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Endovascular treatment of intracerebral arteriovenous malformations: procedural safety, complications, and results evaluated by MR imaging, including diffusion and perfusion imaging.

Author(s): Cronqvist M, Wirestam R, Ramgren B, Brandt L, Romner B, Nilsson O, Saveland H, Holtas S, Larsson EM

Affiliation(s): Department of Neuroradiology, Center for Medical Imaging and Physiology, Lund University Hospital, Lund, Sweden.

Publication date & source: 2006-01, AJNR Am J Neuroradiol., 27(1):162-76.

Publication type: Research Support, Non-U.S. Gov't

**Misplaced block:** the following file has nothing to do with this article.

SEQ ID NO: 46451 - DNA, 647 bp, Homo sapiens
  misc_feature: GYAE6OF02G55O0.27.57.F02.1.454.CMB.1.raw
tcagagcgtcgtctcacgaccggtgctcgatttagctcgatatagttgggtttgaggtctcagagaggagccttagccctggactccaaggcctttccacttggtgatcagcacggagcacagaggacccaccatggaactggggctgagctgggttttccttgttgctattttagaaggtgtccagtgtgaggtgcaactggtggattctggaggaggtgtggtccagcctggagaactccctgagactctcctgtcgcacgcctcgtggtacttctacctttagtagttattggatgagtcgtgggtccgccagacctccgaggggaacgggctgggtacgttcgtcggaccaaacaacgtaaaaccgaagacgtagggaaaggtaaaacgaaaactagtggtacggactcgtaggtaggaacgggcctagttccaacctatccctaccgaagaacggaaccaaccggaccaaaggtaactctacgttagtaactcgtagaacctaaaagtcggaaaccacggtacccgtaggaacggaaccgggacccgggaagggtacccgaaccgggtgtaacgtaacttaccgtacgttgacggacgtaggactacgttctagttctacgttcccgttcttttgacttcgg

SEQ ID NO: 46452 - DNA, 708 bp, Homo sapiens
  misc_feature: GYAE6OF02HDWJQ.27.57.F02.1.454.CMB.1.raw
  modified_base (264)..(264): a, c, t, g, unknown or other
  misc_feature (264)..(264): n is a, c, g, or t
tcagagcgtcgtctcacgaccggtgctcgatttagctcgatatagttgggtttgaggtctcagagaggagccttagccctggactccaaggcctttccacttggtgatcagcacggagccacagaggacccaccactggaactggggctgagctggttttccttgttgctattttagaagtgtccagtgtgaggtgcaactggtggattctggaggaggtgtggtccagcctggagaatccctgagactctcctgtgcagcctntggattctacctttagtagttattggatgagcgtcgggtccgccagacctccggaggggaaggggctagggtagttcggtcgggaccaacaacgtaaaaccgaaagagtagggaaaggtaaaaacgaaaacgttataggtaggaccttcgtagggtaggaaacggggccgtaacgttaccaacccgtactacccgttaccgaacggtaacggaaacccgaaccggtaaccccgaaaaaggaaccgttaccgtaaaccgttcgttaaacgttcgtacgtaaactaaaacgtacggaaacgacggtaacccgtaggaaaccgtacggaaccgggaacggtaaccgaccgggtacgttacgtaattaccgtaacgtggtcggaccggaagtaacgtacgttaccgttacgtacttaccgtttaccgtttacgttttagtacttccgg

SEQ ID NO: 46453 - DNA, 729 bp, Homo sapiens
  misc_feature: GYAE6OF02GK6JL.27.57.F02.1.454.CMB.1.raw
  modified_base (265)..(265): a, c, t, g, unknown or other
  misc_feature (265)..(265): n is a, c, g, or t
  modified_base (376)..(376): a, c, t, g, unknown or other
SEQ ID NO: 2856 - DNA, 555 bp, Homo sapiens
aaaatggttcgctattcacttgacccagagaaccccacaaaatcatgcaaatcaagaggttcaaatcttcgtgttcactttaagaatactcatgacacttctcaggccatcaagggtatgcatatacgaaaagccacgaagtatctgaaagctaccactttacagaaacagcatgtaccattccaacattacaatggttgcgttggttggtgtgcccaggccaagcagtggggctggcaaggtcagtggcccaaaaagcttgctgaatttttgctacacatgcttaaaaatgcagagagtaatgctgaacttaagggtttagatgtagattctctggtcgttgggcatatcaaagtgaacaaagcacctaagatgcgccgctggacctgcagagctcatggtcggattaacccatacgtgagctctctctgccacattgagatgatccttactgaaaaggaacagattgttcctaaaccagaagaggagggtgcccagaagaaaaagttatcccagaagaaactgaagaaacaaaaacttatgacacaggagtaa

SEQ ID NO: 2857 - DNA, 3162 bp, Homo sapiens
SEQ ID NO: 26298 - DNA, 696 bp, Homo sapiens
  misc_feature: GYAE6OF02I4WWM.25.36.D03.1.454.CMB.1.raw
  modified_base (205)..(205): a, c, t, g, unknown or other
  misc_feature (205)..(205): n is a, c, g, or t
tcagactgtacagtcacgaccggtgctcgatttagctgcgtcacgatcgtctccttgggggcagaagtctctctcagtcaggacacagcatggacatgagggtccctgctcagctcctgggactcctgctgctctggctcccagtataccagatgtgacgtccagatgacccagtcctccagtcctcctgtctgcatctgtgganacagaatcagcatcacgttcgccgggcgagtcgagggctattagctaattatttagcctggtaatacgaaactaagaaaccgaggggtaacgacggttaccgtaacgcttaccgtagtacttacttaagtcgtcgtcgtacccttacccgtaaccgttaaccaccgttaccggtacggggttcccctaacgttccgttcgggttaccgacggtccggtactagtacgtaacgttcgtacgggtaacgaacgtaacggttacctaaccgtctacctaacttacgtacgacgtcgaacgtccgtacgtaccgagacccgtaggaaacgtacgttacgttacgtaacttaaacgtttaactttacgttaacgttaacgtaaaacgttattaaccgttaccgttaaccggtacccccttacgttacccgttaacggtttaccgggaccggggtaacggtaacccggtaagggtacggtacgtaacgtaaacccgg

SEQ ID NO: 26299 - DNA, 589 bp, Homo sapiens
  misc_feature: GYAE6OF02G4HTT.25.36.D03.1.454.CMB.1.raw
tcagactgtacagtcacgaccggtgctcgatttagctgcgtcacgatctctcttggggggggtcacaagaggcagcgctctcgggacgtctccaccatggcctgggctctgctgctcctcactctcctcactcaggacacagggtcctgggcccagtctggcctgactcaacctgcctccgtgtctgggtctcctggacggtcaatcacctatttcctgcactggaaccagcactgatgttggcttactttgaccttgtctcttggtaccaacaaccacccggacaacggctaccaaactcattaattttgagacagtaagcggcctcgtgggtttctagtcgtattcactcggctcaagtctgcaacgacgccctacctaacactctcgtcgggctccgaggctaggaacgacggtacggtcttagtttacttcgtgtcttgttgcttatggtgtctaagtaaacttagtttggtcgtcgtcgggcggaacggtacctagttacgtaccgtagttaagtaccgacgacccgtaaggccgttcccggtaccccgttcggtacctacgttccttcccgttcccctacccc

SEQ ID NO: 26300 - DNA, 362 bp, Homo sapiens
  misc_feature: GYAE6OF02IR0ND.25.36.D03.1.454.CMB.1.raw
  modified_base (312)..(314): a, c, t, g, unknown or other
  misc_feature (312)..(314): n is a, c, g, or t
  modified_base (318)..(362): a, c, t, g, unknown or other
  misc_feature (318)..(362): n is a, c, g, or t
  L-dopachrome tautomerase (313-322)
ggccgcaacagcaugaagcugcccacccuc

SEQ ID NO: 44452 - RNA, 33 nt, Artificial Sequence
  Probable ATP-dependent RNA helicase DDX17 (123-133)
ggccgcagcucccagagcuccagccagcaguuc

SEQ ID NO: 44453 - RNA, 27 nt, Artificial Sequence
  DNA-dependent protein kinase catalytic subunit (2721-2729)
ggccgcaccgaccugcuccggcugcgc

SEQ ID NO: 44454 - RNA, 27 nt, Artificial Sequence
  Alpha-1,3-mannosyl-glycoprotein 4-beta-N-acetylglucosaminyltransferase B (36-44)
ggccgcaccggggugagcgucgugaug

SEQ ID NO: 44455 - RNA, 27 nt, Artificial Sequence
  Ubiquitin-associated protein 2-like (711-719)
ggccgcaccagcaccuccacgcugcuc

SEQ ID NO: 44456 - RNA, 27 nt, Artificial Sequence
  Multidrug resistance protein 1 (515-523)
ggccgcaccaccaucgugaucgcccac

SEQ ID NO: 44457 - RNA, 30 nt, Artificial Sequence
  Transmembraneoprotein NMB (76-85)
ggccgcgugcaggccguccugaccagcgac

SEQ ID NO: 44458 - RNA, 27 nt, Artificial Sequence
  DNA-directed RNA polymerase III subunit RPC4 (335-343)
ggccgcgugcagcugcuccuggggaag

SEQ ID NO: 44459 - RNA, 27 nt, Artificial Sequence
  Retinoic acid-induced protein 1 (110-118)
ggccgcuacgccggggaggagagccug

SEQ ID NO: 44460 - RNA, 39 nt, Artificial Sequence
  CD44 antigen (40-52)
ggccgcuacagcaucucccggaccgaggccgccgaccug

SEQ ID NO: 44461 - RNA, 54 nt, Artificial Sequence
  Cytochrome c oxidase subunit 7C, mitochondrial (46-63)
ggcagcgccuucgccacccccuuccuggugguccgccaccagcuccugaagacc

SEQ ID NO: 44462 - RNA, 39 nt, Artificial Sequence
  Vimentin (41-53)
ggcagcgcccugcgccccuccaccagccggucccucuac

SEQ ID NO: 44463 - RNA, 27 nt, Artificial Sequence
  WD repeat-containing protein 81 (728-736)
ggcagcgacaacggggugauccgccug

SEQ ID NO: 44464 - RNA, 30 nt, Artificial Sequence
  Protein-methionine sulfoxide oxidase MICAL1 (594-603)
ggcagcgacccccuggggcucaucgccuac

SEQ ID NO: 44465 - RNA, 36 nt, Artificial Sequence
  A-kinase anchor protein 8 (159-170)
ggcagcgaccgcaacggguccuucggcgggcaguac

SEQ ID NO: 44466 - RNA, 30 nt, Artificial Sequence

BACKGROUND AND PURPOSE: Endovascular embolization is an increasingly common method to treat intracerebral arteriovenous malformations (AVM). To date, however, published data are rather scarce, especially with regard to true procedure-related complications and their causes. The purpose of our study was to evaluate treatment safety and correlate anatomic results with clinical outcome by using MR imaging, including diffusion-weighted (DWI) and perfusion imaging (PI). METHODS: We performed 50 endovascular procedures in 21 patients. Most AVMs were supratentorial, Spetzler-Martin grades II-IV. MR imaging was scheduled within 1 week before and 3 days after each treatment. MR imaging findings were correlated to digital subtraction angiography, procedure reports, and the clinical course. Outcome was graded according to the modified Rankin scale (mRS) 3-6 months after treatment. RESULTS: In this study, 104 MR imaging examinations were performed; mean interval between the endovascular procedure and posttreatment MR imaging was 28 hours. Nine adverse events occurred in 7 patients during 8 procedures (16%), one causing a permanent deficit. New lesions were noted on MR imaging after 22/50 procedures. Ischemic lesions in 22% of the procedures, frequently located perinidally. Most lesions were small, frequently asymptomatic, and reversible (18/23). Four hematomas were found. Subacute hemorrhages developed from a vasogenic edema on 2 occasions. New lesions, including hematomas, developed between treatments in 4 patients, mainly because of progressive occlusion of the nidus or draining veins. PI overestimated the AVM nidus on most occasions, and transient worsening of the PI pattern was noted in 2 patients. Treatment-related mortality and morbidity were 0% and 14.2%, respectively (mRS 1-2). CONCLUSIONS: Endovascular procedures are rather safe but are associated with more ischemic events and followed by less hemodynamic disturbances than previously understood. Adverse procedural events and new MR imaging lesions were generally asymptomatic and most often transient, if symptomatic. Most lesions would not have been verified without MR imaging. DWI and PI were most useful to detect and understand the cause of various complications. The most clinically important complications were caused by late venous occlusions.

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